Evidence for renal control of urinary excretion of bile acids and bile acid sulphates in the cholestatic syndrome

Academic Article

Abstract

  • The bile acids and bile acid sulphates in the urine, serum and bile of 8 cholestatic patients were studied quantitatively by gas liquid chromatography and gas liquid chromatography/mass spectrometry. The primary bile acids (cholic acid and chenodeoxycholic acid) comprised on average 94% of the total bile acids in bile, 70% in the serum and 64% in urine. The percentage composition of bile acids in bile was relatively constant and was not influenced by the degree of cholestasis. In contrast, in the serum only the primary bile acids were increased, the concentrations of the secondary bile acids (deoxycholic acid and lithocholic acid) and the minor bile acids remaining constant. The data do not support the hypothesis that monohydroxy bile acids accumulate in cholestasis and are related to the pathogenesis of this syndrome. The pattern of bile acid urinary excretion was similar to that in the serum. But in 1 patient, 3α,7β,12α trihydroxy 5β cholan 24 oic acid was a principal urinary bile acid, although very low concentrations of the compound were found in that patient's serum, suggesting that some of the minor bile acids in urine may originate by epimerization in the kidney. In bile only a small proportion of the bile acids was sulphated (range 2.1 to 4.6%) and in serum the degree of sulphation was very variable (9 to 50%). However, in urine, sulphate esters accounted for a large proportion of the total bile acids (33 to 72%). The output of bile acid sulphate in the urine was related to the urine total bile acid output but the serum concentration of bile acid sulphate remained relatively constant. Consequently, in contrast to the nonsulphated bile acids, whose renal clearance was relatively constant, the renal clearance of sulphated bile acids was directly related to the urine total bile acid output. This finding is inconsistent with the earlier hypothesis that their predominance in urine was due to a high renal clearance. It may indicate renal synthesis of some of the bile acid sulphates in the urine and/or inhibition of active renal tubular reabsorption of sulphated bile acids by nonsulphated bile acids.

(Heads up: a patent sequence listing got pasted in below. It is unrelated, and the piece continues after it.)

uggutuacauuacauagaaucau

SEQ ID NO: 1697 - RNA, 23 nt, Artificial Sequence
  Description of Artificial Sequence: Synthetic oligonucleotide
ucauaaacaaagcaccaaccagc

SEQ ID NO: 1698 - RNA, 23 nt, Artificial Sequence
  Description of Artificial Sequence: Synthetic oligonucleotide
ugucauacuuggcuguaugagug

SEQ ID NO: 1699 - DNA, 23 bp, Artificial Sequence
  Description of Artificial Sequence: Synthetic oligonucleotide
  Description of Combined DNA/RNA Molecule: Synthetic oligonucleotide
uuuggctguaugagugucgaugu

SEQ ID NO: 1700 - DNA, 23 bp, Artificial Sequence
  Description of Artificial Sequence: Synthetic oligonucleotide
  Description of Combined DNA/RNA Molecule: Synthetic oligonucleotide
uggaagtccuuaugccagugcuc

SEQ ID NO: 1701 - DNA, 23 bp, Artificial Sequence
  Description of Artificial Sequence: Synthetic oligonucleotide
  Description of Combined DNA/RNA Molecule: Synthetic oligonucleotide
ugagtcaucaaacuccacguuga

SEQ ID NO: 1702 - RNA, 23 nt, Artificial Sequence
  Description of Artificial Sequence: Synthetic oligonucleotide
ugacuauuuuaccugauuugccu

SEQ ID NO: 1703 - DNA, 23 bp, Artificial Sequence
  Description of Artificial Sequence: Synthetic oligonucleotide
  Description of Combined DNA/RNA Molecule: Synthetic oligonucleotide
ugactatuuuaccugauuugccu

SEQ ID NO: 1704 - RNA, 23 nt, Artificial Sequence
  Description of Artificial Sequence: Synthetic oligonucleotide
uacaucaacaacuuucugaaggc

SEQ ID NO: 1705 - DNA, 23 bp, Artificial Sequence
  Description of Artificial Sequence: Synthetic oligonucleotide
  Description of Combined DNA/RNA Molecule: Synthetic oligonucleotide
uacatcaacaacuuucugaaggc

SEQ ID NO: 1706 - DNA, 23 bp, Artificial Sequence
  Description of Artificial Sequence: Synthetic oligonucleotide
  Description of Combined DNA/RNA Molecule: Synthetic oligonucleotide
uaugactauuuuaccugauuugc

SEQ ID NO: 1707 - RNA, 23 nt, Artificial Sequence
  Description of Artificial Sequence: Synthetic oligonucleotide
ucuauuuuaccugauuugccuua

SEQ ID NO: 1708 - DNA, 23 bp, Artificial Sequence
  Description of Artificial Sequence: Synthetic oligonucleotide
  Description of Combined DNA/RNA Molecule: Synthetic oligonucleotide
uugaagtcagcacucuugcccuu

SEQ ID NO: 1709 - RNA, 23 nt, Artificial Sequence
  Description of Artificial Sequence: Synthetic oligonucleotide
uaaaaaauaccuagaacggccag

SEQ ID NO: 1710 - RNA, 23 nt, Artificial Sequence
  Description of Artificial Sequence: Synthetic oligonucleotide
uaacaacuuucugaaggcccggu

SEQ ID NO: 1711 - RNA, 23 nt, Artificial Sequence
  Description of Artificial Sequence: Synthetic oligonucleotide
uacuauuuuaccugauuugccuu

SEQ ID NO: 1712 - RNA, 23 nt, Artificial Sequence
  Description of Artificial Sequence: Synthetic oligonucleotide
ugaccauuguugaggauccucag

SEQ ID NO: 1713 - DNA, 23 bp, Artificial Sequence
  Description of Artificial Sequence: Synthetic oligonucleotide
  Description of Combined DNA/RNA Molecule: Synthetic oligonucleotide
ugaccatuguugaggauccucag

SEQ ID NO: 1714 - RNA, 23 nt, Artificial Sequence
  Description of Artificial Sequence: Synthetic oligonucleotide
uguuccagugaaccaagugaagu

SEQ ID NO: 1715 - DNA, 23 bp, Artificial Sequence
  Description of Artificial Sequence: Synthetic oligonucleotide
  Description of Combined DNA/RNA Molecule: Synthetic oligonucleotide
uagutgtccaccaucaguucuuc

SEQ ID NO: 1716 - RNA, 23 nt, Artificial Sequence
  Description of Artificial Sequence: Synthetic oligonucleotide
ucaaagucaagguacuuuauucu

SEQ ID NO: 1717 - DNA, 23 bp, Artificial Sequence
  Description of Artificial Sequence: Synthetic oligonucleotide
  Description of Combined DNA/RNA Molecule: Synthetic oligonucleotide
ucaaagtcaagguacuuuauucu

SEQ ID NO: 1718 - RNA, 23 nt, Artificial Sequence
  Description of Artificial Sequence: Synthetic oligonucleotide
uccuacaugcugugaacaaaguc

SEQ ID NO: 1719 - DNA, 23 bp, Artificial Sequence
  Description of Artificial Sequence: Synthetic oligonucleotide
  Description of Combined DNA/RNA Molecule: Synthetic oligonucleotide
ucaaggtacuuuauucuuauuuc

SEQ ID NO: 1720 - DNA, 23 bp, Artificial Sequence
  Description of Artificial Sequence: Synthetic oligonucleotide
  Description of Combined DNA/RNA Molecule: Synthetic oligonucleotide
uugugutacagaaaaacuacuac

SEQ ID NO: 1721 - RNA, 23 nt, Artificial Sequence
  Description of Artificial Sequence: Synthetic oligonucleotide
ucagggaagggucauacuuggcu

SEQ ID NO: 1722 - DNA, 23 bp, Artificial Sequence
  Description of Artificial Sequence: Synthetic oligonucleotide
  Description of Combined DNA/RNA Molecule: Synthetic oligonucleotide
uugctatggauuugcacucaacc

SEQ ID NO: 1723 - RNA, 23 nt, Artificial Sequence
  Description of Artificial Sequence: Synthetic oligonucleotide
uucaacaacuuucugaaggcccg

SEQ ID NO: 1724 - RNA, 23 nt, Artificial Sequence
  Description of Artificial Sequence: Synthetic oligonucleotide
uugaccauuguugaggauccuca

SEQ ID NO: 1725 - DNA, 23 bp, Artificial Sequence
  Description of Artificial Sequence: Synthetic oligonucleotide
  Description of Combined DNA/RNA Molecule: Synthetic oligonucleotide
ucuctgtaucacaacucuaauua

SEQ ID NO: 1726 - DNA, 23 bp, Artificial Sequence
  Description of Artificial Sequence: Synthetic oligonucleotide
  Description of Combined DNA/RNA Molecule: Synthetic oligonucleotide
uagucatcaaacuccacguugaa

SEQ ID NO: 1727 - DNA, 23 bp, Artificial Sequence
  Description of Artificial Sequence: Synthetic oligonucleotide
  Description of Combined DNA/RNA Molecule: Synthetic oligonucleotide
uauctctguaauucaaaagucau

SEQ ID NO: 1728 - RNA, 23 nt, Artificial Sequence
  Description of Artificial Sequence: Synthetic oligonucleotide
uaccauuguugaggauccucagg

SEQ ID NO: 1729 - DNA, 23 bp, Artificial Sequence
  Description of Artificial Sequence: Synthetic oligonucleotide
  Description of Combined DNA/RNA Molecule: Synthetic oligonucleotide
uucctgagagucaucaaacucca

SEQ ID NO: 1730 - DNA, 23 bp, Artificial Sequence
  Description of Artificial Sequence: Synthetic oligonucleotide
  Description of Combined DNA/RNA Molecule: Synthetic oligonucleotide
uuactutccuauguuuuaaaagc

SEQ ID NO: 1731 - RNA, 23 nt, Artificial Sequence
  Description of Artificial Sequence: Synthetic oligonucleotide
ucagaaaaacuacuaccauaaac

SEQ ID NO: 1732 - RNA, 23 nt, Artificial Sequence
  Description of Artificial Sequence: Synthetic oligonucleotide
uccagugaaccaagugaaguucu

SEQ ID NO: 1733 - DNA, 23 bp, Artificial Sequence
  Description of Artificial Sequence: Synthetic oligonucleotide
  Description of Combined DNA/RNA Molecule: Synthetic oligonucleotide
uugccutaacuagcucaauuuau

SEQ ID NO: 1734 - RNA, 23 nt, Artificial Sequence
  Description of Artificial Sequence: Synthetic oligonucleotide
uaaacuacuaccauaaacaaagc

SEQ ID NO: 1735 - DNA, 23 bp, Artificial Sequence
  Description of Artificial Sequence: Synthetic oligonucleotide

• Pubmed Id

  • 23940309
  • Author List

  • Summerfield JA; Cullen J; Barnes S; Billing BH
  • Start Page

  • 51
  • End Page

  • 65
  • Volume

  • 52
  • Issue

  • 1